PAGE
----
Could Recycling Mean Thousands of Jobs?

Posted: Updated:

Ball State University's Bowen Center for Public Affairs says Indiana may be missing out on an opportunity for thousands of new jobs. A report from the center suggests the state could create 10,000 jobs by increasing recycling by 25 percent. The Indiana Recycling Coalition is calling on legislators to free up millions of dollars collected each year by the state's recycling fund to be used for programs making recycling more convenient. December 4, 2013

News Release

INDIANAPOLIS, Ind. - A new study conducted by the Bowen Center for Public Affairs at Ball State University shows that Indiana's recycling industry is a grossly underutilized jobs resource. According to the study, even an incremental increase in recycling could create 10,000 new jobs in Indiana.

The Indiana Recycling Coalition, which commissioned the study, is a nonprofit organization that works to conserve natural resources, reduce energy use, encourage environmental responsibility and create green jobs through recycling.

Today, 66 percent of what gets thrown away by Hoosiers could be recovered and used as raw material by Indiana manufacturers. Another 17 percent of our waste could be turned into valuable compost, according to the study.

The Indiana Recycling Coalition wants to recover these resources – not only for the sake of the environment, but also for the sake of delivering more jobs to Indiana residents. It won't take a huge change to make a meaningful difference in the state's workforce. If Indiana captured just 25 percent of what it disposes of as waste today, we could see the creation of 10,000 new jobs.

For context, consider this: In 2012, according to the Indiana Economic Development Commission, all of the state's industries combined to create fewer than 30,000 new jobs. By diverting just 25 percent more waste, the state could supply the raw materials for the creation of one-third of that total from one industry alone.

Where would those jobs come from? From the collection, sorting and processing of recyclable and compostable materials, a process that has been shown to create, on average, 10 times the number of jobs required to collect, landfill and incinerate discarded waste.

"It's a simple matter of economics," said Carey Hamilton, executive director of the Indiana Recycling Coalition. "Indiana manufacturers want more recyclable materials because they save significantly on energy costs when they use recycled materials rather than raw materials. The resources are available right here in Indiana. And recycling creates more jobs."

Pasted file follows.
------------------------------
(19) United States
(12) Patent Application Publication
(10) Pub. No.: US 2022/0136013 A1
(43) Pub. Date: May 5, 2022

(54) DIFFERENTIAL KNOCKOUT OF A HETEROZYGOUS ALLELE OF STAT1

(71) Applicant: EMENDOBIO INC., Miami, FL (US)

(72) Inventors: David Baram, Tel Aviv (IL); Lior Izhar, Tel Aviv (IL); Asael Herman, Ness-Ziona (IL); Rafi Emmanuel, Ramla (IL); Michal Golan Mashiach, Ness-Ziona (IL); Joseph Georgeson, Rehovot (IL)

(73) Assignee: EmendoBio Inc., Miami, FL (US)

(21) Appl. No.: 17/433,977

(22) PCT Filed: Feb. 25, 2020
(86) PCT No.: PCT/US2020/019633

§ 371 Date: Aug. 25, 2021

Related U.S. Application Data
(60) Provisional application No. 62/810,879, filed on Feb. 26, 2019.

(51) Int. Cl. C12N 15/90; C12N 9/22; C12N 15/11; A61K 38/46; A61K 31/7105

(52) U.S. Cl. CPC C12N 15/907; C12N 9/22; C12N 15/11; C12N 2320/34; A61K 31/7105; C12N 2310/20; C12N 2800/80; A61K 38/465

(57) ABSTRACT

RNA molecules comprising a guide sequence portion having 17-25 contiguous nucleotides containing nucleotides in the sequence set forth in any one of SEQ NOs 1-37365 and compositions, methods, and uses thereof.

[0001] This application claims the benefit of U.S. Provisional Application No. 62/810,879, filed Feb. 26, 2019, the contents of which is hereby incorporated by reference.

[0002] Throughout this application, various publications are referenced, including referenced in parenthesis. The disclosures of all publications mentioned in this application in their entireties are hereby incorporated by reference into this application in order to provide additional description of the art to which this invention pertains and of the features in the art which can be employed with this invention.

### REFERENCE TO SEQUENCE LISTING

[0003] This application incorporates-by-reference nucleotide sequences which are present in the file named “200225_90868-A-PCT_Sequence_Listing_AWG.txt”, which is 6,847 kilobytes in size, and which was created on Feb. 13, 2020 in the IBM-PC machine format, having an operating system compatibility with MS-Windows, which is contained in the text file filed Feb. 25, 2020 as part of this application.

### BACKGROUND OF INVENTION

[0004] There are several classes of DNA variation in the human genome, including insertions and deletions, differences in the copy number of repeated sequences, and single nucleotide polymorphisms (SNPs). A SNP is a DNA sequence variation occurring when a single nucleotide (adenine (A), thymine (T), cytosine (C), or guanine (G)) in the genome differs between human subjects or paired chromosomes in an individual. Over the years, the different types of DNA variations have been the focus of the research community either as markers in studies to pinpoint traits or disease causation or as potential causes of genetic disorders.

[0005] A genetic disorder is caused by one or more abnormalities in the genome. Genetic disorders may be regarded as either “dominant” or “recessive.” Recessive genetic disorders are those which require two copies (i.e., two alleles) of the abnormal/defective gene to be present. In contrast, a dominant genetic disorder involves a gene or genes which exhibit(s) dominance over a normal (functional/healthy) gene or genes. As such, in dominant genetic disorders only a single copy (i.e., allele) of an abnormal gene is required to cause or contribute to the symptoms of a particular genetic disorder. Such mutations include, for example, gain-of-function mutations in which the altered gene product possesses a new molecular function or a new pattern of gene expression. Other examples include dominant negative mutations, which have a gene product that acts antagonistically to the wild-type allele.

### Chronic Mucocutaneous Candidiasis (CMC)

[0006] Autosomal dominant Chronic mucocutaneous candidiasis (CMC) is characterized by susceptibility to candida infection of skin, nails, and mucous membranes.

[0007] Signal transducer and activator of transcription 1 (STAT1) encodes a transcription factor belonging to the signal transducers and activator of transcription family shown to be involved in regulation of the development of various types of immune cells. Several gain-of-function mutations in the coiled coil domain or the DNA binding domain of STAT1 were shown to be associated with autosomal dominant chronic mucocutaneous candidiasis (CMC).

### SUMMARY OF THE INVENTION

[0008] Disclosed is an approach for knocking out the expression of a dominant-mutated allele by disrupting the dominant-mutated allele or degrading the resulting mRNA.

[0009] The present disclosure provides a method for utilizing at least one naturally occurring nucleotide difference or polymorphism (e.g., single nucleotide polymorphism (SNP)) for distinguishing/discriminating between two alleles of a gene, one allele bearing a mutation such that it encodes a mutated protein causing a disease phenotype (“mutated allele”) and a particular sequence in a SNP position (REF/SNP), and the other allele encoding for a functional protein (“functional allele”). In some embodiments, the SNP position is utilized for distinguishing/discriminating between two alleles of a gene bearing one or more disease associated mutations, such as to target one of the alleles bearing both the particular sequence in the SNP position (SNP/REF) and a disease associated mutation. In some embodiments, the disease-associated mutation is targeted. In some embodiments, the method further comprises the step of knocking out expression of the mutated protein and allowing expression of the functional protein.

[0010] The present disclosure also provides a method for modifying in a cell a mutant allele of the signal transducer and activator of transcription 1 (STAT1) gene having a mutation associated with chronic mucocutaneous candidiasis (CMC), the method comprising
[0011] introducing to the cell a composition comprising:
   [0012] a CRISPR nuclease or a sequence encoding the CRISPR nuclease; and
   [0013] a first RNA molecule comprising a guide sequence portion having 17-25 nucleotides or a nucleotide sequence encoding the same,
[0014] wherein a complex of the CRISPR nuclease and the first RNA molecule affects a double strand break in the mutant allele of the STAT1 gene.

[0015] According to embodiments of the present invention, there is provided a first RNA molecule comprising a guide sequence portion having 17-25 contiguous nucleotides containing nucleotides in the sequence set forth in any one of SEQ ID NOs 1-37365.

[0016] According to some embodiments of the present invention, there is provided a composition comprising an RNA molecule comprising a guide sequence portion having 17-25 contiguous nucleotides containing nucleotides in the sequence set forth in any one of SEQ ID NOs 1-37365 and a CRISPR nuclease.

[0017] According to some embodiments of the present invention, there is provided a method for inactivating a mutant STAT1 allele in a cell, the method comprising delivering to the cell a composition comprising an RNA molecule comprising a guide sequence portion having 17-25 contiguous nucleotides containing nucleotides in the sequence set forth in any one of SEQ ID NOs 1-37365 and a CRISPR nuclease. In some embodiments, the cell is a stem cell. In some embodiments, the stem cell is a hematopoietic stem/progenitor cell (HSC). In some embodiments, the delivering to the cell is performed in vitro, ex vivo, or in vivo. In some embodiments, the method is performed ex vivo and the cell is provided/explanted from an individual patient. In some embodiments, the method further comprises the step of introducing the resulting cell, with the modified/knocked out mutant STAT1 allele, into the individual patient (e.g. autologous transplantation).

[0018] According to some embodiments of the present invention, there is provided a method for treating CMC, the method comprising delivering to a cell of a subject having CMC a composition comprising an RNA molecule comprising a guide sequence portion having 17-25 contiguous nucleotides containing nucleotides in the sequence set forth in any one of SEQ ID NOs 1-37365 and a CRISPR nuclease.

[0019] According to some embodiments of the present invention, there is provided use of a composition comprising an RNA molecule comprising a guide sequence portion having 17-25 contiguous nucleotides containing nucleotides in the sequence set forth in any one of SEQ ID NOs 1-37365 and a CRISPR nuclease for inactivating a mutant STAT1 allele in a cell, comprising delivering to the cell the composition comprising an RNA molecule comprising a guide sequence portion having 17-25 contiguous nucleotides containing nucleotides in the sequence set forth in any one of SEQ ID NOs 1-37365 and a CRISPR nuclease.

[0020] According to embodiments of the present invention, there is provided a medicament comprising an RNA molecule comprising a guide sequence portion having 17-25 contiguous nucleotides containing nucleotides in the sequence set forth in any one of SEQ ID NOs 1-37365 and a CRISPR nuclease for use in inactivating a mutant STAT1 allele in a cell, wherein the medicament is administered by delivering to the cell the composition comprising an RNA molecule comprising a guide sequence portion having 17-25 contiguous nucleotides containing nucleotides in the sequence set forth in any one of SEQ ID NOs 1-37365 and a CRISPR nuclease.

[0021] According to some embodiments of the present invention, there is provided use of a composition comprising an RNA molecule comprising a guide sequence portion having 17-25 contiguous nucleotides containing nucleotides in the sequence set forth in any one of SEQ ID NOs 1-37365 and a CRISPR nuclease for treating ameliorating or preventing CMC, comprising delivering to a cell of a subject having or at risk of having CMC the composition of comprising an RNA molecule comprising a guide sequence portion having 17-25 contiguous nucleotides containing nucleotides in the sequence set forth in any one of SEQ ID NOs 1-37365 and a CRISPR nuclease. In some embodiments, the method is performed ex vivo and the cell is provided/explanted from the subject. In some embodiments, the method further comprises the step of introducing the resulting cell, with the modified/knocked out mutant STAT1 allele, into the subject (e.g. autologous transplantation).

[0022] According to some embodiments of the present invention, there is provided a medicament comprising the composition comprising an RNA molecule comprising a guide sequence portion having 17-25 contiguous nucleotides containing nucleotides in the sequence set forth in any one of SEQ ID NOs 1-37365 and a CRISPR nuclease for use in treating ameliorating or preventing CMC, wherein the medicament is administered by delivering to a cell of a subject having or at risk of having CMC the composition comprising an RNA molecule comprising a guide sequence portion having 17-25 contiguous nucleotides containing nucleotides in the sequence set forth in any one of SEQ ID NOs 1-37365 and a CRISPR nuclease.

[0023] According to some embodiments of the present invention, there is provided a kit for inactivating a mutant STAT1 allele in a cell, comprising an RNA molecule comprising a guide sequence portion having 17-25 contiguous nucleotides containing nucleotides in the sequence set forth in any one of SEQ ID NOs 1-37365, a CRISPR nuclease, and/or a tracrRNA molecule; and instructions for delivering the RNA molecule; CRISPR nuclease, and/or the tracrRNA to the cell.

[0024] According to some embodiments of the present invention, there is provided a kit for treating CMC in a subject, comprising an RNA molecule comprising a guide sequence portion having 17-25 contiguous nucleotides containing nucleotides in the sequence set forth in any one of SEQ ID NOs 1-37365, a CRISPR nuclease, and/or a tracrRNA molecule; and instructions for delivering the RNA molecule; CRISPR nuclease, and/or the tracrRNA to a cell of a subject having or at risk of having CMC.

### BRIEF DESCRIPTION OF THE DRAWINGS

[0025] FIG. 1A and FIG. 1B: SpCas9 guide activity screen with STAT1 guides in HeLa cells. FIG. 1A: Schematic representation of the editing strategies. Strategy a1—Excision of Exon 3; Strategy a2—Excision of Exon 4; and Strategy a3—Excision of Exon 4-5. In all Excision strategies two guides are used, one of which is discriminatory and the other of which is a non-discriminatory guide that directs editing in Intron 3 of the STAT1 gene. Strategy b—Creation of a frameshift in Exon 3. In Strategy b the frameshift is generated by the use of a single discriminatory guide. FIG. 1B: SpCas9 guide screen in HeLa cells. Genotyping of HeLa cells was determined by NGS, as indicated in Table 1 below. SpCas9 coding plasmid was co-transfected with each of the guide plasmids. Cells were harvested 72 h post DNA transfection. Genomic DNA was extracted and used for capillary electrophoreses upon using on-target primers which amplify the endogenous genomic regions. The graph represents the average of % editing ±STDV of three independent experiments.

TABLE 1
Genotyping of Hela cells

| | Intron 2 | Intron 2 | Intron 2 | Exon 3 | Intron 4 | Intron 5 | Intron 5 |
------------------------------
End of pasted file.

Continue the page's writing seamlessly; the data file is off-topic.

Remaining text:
The problem? Indiana lacks the public policy that will transform its waste management system into a resource recovery system – making recycling accessible and convenient for Hoosiers.

According to the study, there is economic value in the materials commonly thrown away (e.g. paper, glass, plastics, metals, compostables and durable goods), and any recyclable materials are a significant economic commodity that can create a strong workforce and stimulate job growth.

Hamilton said the Indiana Recycling Coalition plans to work with the Legislature to reinstate the existing recycling grant fund as well as to pursue policies that support recycling infrastructure and education as a means to increase recycling.

"Indiana has a relatively low recycling rate and a relatively strong in-state demand from our commodity manufacturing sector," said Hamilton. "If we don't take advantage of this, we're virtually burying jobs in landfills."

The study identified 77 manufacturers in Indiana that use recycled feedstock. These manufacturers are located in all corners of the state.

The study was unveiled today at Strategic Materials' glass recycling plant on the south side of Indianapolis. The largest glass recycler in North America, Strategic Materials converts scrap materials into valuable recyclable products, allowing customers to become more efficient by saving raw materials and energy while reducing air emissions. The glass is used to create a wide range of products, including Indiana-produced fiberglass insulation and food & beverage containers, as well as reflective materials and more.

President and COO Curtis Bucey said Strategic Materials is more likely to locate and expand in locations where there's a large supply of recycled glass. After all, it makes sense to locate production facilities as close as possible to raw materials.

"We've already found Indiana to be a great place to do business, and the demand for our products is much larger than the current supply," Bucey said. "We could sell over 20 times the amount of glass we currently collect from Indiana, and if more in-state recycled glass were available from sources, SMI would seriously consider expanding this operation and/or opening additional facilities in Indiana."

Pratt Industries – one of the largest corrugated packaging companies in the country with 4,400 employees in 20 states – is building a $260 million paper recycling mill next to its box plant in Valparaiso. The new mill will convert old corrugated boxes, mixed paper, and other grades of recovered paper from all of the country for use at the newly constructed paper mill. Pratt plans to hire additional employees, eventually bringing its total workforce in Indiana to 455, which is 135 more than today.

"We support increased paper recovery from Indiana's waste stream because we believe it's best for the economy, the environment, and consumers," said Myles Cohen, president of Pratt Recycling, a division of Pratt Industries. "We've already demonstrated our desire to do business in Indiana, and we'd certainly welcome the resources and opportunities to continue to expand our business here, while also contributing to Indiana's landfill diversion goal."

The study is available at http://www.indianarecycling.org/about-irc/advocacy/2013-recycling-job-study/.

Source: Indiana Recycling Coalition